Hooray basic thermodynamics (and a little bit of fluid dynamics thrown in just for good measure)!

            • ludi
            • 7 years ago

            An absolute decrease, no. Diminishing marginal returns, possibly.

      • Goty
      • 7 years ago

      Copper functions well because of its large (specific) heat capacity, but the purpose of a computer’s HSF is not to gather heat and then not do anything with it. More copper (or aluminum, for the dissipating surfaces) means you can draw more heat away from the CPU while maintaining a higher delta-T between the HSF and the air, but you need to remove that heat efficiently or the system stops working.

      (Realized I made a stupid mistake here. Let’s see if anyone can find it.)

        • chuckula
        • 7 years ago

        Your mistake: The high delta-T is not between the HSF and air, but between the HSF cooling surface (like the radiator fins) and the temp of the CPU itself.

        For a crazy illustrative example: The surface temp of the fins in a giant HSF unit will be practically at room temperature (e.g. the same temperature as the ambient air). If you were to rip out the giant HSF and slap on one of those tiny heatsinks they used to use on the chipset, the temperature differential of the heatsink to the air would quickly shoot up as the tiny heatsink heats to nearly the same temperature as the CPU.

          • Goty
          • 7 years ago

          One internet to chuckula!

      • Bensam123
      • 7 years ago

      Yeah, what I was thinking too. Two fans is only helpful if there is a declining in airflow, but the heatsink isn’t long enough (fin wise) so that there is a drop in airflow. So really it’s like having a second fan that doesn’t really do anything. Heck Geoff pretty much proved that in his review.

      ‘Tis just stupid. I’m sure it gets more people to buy them as they think it’s helpful though.

      • rrr
      • 7 years ago

      NH-D14, Silver Arrow, IFX-14 and Phanteks all utilize that form factor. It’s the most effective way AC has to offer so far. At the cost of size, of course.

    • Jakubgt
    • 7 years ago

    The Corsair H100 is currently going for $100 after rebates on newegg right now. At those prices I’d be looking into a water cooling setup.

      • Duck
      • 7 years ago

      Closed loop, low end water coolers are quite easily beaten by high end tower coolers (at least in low noise performance).

        • internetsandman
        • 7 years ago

        Stick two Noctua NF-F12’s onto an H100 and the noise levels drop to damn near inaudible, and temps only rise about two or three degrees. Not only that, but an H100 is incredibly nicer to look at than any massive air cooler, and it’s much easier to transport the system when you don’t have all the weight hanging off of the motherboard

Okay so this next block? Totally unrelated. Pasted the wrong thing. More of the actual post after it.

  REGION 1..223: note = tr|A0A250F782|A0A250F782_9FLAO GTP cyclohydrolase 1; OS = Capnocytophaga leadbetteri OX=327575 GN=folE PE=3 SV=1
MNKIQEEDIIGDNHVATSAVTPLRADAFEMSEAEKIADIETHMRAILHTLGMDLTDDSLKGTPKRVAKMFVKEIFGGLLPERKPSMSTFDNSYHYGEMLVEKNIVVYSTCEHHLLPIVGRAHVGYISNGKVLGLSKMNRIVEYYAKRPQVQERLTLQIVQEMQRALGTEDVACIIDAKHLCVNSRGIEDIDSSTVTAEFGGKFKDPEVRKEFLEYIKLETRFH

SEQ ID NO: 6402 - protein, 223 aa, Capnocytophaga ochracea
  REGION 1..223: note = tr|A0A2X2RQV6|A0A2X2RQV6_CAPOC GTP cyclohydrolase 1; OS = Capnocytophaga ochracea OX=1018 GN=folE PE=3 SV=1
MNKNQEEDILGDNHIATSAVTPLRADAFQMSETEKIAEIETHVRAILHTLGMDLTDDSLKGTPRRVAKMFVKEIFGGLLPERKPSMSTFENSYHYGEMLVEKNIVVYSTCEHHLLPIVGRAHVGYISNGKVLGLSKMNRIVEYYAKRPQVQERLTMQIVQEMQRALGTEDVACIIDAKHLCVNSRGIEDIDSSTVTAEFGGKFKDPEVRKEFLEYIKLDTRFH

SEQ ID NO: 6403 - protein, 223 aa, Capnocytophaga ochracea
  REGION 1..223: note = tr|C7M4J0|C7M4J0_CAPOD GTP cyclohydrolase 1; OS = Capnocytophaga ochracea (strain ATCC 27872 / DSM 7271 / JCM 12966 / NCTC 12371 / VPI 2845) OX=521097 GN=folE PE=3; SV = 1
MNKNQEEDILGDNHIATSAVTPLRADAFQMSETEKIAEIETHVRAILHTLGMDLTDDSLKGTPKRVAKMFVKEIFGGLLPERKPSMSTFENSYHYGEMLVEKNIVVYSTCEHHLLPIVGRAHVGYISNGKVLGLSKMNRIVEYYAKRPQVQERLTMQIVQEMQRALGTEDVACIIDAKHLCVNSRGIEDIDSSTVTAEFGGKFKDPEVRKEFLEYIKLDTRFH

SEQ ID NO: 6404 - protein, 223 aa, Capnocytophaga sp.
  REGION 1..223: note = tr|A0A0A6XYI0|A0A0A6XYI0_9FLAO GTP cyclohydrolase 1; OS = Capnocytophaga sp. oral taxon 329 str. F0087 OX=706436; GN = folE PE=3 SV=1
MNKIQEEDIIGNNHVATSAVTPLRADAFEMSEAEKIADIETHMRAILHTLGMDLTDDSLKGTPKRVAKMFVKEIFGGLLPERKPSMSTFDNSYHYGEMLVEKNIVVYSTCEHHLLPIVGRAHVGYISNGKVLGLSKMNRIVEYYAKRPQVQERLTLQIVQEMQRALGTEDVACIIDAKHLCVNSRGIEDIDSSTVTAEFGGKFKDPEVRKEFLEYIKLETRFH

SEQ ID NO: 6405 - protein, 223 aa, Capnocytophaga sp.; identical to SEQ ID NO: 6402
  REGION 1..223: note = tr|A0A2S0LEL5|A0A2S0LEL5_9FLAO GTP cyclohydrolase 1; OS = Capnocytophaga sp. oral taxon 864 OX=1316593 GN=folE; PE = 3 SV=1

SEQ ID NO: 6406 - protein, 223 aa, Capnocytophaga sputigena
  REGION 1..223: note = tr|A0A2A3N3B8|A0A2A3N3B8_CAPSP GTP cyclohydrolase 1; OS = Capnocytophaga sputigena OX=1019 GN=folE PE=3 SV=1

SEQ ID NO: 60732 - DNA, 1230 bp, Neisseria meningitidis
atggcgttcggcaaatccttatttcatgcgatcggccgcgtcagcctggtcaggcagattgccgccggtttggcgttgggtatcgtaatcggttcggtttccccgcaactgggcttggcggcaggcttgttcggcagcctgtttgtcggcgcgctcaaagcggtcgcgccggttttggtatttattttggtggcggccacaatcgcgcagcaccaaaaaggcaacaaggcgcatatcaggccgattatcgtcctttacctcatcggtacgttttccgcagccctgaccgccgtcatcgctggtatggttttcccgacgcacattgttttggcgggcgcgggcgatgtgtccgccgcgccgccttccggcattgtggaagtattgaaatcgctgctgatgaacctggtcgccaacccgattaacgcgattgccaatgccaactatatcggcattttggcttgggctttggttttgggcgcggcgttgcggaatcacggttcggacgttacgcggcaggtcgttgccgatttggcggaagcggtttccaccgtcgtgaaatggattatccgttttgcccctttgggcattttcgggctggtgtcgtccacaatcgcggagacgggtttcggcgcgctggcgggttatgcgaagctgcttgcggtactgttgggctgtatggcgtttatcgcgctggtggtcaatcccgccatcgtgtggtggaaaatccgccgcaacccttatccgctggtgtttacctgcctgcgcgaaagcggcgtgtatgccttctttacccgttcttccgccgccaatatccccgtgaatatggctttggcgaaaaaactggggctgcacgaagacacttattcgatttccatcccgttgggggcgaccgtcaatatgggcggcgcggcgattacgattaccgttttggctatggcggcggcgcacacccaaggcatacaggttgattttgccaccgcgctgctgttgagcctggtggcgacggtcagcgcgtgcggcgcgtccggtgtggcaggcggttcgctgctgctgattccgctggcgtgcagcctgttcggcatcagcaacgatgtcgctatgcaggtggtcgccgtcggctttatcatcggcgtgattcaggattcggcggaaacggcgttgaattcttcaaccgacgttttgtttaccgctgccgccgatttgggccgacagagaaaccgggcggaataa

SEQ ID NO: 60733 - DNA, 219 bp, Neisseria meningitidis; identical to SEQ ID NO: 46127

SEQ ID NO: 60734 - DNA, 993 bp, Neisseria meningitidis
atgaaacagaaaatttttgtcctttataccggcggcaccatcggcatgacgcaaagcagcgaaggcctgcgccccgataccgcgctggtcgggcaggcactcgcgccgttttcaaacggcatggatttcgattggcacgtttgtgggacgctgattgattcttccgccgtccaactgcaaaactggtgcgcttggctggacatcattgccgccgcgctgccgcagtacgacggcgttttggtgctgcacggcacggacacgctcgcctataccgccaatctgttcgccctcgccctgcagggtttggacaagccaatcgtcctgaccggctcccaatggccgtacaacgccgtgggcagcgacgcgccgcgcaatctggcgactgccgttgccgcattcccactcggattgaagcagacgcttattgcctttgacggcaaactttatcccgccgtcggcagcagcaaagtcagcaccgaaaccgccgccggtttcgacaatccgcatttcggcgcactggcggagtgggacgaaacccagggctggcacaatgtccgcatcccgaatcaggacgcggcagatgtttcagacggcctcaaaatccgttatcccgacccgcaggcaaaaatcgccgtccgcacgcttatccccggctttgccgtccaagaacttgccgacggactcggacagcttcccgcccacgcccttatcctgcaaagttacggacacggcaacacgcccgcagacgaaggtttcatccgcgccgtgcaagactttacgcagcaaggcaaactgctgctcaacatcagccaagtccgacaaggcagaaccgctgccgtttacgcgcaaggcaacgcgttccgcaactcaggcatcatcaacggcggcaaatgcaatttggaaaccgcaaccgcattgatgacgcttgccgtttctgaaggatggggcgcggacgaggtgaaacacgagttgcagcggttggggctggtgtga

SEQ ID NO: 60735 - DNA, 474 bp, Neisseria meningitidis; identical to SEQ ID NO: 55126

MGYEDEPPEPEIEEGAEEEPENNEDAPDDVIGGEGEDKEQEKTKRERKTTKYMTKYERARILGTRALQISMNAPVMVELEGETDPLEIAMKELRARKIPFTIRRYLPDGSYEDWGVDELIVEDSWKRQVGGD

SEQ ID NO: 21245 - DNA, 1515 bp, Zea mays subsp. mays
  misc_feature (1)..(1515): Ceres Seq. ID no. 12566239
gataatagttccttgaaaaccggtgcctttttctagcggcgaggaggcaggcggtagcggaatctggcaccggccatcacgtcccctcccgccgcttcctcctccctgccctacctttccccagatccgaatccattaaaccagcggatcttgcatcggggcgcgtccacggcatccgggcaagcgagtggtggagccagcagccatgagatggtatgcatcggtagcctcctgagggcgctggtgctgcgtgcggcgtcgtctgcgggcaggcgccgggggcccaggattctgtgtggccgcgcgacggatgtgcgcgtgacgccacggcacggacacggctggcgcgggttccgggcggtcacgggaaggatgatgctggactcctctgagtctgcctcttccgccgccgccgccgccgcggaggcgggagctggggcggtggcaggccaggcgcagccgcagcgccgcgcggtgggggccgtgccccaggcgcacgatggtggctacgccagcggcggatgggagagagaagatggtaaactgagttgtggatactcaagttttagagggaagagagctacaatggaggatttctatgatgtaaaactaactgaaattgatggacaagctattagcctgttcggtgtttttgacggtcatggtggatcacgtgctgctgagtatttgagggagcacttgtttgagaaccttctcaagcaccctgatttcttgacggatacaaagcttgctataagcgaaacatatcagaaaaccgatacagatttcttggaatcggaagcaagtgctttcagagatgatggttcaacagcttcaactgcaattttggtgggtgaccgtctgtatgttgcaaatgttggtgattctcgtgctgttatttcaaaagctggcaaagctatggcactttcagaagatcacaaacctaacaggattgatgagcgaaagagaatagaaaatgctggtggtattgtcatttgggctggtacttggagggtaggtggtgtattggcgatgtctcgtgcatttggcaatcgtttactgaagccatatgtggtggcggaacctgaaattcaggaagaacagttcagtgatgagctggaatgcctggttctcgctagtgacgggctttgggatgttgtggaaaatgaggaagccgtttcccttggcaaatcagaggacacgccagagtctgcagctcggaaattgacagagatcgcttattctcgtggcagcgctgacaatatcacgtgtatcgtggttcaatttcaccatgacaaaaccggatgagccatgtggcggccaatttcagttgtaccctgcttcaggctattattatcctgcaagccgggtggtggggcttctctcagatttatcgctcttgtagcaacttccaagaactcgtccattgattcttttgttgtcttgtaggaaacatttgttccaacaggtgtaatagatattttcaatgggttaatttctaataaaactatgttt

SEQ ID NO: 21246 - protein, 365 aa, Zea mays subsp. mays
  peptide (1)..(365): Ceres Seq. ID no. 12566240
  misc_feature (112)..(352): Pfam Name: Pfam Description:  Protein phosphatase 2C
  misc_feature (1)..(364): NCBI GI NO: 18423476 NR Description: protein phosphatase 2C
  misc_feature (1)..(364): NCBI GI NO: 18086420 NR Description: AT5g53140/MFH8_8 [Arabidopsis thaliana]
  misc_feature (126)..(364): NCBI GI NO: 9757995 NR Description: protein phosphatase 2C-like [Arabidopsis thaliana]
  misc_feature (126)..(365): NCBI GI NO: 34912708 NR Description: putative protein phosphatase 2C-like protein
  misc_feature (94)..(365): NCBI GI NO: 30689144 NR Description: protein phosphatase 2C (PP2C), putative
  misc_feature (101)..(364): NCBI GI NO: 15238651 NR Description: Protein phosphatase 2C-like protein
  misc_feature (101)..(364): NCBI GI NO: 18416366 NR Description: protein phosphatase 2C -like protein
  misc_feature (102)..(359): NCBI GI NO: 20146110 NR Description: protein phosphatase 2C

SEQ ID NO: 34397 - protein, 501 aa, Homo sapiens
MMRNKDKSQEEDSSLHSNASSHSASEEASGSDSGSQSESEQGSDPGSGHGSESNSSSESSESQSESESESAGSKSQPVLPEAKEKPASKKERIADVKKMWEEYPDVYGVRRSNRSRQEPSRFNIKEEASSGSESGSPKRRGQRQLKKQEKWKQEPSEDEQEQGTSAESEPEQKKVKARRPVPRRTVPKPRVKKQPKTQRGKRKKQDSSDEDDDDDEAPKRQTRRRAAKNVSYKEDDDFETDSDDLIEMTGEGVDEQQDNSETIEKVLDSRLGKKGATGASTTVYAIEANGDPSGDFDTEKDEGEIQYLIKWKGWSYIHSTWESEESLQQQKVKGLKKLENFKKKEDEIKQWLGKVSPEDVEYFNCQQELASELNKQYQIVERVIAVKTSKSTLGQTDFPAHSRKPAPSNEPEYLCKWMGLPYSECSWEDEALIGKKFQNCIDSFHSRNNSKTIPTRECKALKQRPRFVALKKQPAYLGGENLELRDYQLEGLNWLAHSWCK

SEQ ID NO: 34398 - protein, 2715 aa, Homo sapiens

• ludi
    • 7 years ago

    For whatever it’s worth, I still have a 7yo ThermalTake Sonic Tower that started out in an AthlonXP and is still running on an old Skt939 system, and there’s no reason it wouldn’t work with a Sandy/Ivy Bridge or Bulldozer CPU for another 3+ years assuming an appropriate retention bracket were provided.

    Who knows, someone might still be using a Frio Extreme ten years hence, assuming desktop CPUs are still sold in some sort of socketed form.

    • Phishy714
    • 7 years ago

    Does this also include 10 year’s worth of hardware necessary to install this cooler on 10 year’s worth of new sockets from AMD and Intel?

      • Chrispy_
      • 7 years ago

      If you bought a Noctua, yes it does.
      I’m on my third socket type now and free mounting brackets are still sent to me for little more effort than filling in a 1-page online form.

        • stdRaichu
        • 7 years ago

        I had no idea HSF manufacturers did such a thing; thanks for the tip.

          • Farting Bob
          • 7 years ago

          Noctua is one of the only ones, although you can often find retention brackets for pennies on ebay, amazon. Or for about twenty times as much from official sites..

    • flip-mode
    • 7 years ago

    10,000mm^2 of fins to cool 160mm^2 of chip.

      • Prion
      • 7 years ago

      Well, if you could effectively cool it with 160mm^2 of surface area, you wouldn’t need a heatsink at all

        • Goty
        • 7 years ago

        As one of my friends likes to say: Boom, science.

          • Arclight
          • 7 years ago

          ^^
          Oh i’m so using that from now on.

        • flip-mode
        • 7 years ago

        I’m not sure how to respond to that.

        • rrr
        • 7 years ago

        But you’d still need a fan. And a mounting system (quite an elaborate one in fact, if you wanted decently sized fan)